By Sarah Banks
Fertility struggles can put an enormous strain on a relationship and it is a huge thing to go through as a couple. After time Project Baby can take the focus away from you as a couple – you forget that before trying you had a loving relationship and that you got together for a reason
The impact of infertility on relationships
Even if you have a very strong and supportive marriage/partnership, fertility issues can still put a strain on your relationship. Although your partner may want a baby as much as you do, their experience of the process can be very different to yours.
Remember that your partner may be struggling with the inability to conceive too (especially if the issue is on their side), it’s important for you to talk it through with them.
Struggling to conceive can make the focus of most of your discussions about ‘trying for baby’ and ‘fertility treatment’, making you feel like you have nothing else in your life and that you are defined by your struggle to get pregnant. If you haven’t got anyone else to talk to about your issues, you can each feel a lot of pressure to be/seem ‘ok’ so your partner isn’t worried, and it can lead to over-reliance on each other.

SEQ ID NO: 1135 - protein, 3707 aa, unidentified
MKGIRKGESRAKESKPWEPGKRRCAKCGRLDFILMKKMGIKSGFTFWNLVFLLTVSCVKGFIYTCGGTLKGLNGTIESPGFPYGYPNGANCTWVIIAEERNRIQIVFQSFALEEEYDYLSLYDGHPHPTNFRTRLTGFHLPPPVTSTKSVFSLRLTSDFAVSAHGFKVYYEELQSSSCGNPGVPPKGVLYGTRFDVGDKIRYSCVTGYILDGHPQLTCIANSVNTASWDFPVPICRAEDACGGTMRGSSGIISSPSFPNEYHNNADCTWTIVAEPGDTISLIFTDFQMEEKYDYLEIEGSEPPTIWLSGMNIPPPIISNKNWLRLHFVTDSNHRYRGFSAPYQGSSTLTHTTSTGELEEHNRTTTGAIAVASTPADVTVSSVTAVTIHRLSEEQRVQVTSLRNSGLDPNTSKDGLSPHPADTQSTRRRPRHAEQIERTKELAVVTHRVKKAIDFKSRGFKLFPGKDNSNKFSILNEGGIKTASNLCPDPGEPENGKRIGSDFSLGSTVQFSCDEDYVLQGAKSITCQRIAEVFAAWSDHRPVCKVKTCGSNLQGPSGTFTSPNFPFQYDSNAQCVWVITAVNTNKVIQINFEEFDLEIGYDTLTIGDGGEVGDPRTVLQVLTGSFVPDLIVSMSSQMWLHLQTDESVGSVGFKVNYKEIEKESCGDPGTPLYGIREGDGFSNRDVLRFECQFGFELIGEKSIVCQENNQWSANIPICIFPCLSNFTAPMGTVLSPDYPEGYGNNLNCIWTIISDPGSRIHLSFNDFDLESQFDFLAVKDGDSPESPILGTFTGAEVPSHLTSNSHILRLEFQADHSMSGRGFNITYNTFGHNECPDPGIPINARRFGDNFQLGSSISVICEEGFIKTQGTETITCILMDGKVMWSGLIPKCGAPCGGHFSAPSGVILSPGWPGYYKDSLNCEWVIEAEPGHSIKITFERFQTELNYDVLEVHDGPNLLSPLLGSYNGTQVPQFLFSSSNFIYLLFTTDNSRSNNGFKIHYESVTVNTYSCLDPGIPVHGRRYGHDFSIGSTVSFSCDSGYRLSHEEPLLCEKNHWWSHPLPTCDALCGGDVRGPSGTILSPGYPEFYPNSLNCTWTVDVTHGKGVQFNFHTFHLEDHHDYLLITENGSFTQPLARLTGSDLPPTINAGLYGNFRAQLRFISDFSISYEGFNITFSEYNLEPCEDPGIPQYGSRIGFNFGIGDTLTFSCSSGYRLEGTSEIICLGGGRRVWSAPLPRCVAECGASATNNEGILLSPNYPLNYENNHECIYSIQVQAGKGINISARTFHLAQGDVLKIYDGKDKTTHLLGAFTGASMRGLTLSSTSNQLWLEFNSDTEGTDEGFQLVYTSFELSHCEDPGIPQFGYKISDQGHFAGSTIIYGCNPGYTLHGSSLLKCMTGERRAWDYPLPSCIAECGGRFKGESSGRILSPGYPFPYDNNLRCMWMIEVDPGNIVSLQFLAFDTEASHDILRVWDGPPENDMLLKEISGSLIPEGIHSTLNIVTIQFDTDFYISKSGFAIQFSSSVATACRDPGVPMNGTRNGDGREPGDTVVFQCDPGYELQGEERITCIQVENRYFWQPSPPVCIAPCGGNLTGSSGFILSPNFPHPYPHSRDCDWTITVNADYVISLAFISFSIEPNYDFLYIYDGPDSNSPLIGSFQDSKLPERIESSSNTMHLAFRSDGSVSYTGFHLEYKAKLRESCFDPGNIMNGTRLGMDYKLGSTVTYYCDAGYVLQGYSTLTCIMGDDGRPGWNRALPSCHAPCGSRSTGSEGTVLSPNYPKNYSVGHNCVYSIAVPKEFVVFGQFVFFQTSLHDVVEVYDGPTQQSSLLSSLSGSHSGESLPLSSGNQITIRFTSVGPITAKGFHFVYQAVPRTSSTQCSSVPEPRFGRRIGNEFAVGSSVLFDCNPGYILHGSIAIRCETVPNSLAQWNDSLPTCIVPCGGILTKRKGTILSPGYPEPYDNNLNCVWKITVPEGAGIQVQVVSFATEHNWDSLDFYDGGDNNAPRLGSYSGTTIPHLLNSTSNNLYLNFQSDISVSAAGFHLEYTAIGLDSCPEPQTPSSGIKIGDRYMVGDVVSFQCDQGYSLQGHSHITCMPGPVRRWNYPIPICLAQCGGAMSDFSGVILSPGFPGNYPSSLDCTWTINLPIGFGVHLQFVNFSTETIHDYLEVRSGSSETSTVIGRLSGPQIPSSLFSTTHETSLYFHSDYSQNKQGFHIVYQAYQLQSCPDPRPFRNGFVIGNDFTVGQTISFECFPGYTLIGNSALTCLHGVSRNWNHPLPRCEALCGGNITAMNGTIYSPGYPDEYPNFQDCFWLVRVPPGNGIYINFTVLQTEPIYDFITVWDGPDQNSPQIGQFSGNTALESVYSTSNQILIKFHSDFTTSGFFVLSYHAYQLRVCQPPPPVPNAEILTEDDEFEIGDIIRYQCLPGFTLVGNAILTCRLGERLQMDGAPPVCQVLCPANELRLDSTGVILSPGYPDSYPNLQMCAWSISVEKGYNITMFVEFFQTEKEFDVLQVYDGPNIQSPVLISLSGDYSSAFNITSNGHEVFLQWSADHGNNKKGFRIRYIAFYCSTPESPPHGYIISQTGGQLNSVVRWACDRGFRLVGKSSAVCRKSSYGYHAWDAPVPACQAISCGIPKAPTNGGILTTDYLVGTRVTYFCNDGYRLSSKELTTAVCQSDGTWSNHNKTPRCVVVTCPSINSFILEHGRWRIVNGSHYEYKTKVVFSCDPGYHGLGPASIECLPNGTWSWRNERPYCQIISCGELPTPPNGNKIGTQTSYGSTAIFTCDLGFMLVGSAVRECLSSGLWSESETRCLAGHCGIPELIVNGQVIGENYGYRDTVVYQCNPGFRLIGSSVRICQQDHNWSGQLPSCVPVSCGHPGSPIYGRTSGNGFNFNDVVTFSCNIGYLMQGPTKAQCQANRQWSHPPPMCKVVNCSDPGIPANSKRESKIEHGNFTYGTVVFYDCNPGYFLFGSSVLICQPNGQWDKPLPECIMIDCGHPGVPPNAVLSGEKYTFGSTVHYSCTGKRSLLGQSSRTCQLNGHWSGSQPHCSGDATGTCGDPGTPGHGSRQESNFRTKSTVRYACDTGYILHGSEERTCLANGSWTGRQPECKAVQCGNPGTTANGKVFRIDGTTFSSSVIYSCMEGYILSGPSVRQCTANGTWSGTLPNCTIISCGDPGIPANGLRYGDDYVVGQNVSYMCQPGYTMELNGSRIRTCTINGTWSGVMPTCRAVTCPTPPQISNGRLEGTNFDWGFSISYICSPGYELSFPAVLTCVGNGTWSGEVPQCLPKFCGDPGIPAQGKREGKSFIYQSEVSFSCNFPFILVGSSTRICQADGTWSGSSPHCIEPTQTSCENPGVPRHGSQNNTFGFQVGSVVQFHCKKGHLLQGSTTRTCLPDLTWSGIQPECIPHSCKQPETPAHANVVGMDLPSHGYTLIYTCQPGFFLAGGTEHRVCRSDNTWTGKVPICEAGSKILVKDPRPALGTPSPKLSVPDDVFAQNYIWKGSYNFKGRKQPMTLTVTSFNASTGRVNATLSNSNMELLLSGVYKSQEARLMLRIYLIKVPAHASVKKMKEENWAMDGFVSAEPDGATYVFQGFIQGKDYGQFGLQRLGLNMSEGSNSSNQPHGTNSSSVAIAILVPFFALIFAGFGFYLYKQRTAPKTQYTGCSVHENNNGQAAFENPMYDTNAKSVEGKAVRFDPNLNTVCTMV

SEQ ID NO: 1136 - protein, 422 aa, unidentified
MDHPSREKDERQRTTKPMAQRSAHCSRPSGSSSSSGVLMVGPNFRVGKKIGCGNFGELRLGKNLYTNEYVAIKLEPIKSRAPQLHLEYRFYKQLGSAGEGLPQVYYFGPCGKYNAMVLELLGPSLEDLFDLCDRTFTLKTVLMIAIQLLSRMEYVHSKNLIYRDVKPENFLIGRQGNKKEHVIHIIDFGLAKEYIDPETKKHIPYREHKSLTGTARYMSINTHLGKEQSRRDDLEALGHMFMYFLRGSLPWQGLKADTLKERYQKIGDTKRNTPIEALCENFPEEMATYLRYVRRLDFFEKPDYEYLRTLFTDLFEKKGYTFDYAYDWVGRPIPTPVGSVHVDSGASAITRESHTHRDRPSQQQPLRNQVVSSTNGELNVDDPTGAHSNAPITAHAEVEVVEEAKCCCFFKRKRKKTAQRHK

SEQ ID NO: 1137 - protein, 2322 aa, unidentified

When the focus becomes making a baby and creating a family, we often forget that we are already a family, and that there is a reason why we got together in the first place. This can lead to you both feeling unappreciated, un-attractive and un-important.
Fertility issues can also affect your sex life. Sex becomes about making a baby rather than pleasure, which puts extra pressure on both sides to perform and loses the intimacy.
Many couples find that they don’t go out and do things together like they used to (due to saving money for IVF, not wanting to be around others with families or not feeling in the mood to do anything), which again means your relationship becomes focused on baby making, rather than enjoying what you already have together.
How men and women cope differently
It may seem like your partner isn’t as bothered about having a baby as you are if they don’t seem as upset that your period has come, or that they don’t feel like having sex at the best time of the month, but often this is just differences in the way men and women cope with stressful and upsetting situations like infertility, or them not wanting to upset you further.
Men and women have a very different experience of trying to conceive and going through treatment.
It is the woman that has the heartache of seeing their period arrive every month, the woman that has to endure the invasive side of fertility treatment and it is usually the woman that has always known they wanted to be a mother, so their plan for their life is called in to question.
On the other hand the man has to watch his partner go through treatment, which can lead to feelings of guilt if the issue is male factor, and many feel that they have to be strong and supportive for their partner, so hide their feelings to be the rock whilst going through treatment.